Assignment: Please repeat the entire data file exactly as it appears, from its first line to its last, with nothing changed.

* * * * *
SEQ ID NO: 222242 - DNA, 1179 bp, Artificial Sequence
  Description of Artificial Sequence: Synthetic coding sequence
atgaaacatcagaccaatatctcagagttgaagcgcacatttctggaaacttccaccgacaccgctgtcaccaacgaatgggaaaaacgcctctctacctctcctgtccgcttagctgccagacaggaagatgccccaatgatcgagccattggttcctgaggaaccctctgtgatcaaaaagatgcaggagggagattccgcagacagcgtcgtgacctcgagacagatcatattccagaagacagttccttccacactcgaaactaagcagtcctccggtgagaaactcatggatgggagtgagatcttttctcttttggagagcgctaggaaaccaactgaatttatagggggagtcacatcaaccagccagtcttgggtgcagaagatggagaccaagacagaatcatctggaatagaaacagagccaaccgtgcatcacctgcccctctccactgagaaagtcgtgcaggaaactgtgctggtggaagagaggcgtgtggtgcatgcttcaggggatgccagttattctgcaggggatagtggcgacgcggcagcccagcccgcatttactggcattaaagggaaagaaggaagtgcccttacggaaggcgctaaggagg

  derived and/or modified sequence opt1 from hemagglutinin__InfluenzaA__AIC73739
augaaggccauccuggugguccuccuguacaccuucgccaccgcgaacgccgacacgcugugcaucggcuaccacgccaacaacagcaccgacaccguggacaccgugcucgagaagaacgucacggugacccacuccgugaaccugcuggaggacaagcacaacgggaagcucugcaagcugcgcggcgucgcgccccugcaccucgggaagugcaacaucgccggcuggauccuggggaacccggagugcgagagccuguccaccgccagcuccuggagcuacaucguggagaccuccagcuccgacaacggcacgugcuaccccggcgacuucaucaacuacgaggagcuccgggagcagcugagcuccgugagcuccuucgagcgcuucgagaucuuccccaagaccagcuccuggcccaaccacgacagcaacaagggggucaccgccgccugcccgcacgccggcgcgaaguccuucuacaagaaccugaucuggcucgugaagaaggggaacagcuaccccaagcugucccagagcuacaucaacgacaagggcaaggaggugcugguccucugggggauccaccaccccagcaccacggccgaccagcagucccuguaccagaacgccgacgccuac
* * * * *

SEQ ID NO: 222242 - DNA, 1179 bp, Artificial Sequence
  Description of Artificial Sequence: Synthetic coding sequence
atgaaacatcagaccaatatctcagagttgaagcgcacatttctggaaacttccaccgacaccgctgtcaccaacgaatgggaaaaacgcctctctacctctcctgtccgcttagctgccagacaggaagatgccccaatgatcgagccattggttcctgaggaaccctctgtgatcaaaaagatgcaggagggagattccgcagacagcgtcgtgacctcgagacagatcatattccagaagacagttccttccacactcgaaactaagcagtcctccggtgagaaactcatggatgggagtgagatcttttctcttttggagagcgctaggaaaccaactgaatttatagggggagtcacatcaaccagccagtcttgggtgcagaagatggagaccaagacagaatcatctggaatagaaacagagccaaccgtgcatcacctgcccctctccactgagaaagtcgtgcaggaaactgtgctggtggaagagaggcgtgtggtgcatgcttcaggggatgccagttattctgcaggggatagtggcgacgcggcagcccagcccgcatttactggcattaaagggaaagaaggaagtgcccttacggaaggcgctaaggagg

  derived and/or modified sequence opt1 from hemagglutinin__InfluenzaA__AIC73739
augaaggccauccuggugguccuccuguacaccuucgccaccgcgaacgccgacacgcugugcaucggcuaccacgccaacaacagcaccgacaccguggacaccgugcucgagaagaacgucacggugacccacuccgugaaccugcuggaggacaagcacaacgggaagcucugcaagcugcgcggcgucgcgccccugcaccucgggaagugcaacaucgccggcuggauccuggggaacccggagugcgagagccuguccaccgccagcuccuggagcuacaucguggagaccuccagcuccgacaacggcacgugcuaccccggcgacuucaucaacuacgaggagcuccgggagcagcugagcuccgugagcuccuucgagcgcuucgagaucuuccccaagaccagcuccuggcccaaccacgacagcaacaagggggucaccgccgccugcccgcacgccggcgcgaaguccuucuacaagaaccugaucuggcucgugaagaaggggaacagcuaccccaagcugucccagagcuacaucaacgacaagggcaaggaggugcugguccucugggggauccaccaccccagcaccacggccgaccagcagucccuguaccagaacgccgacgccuac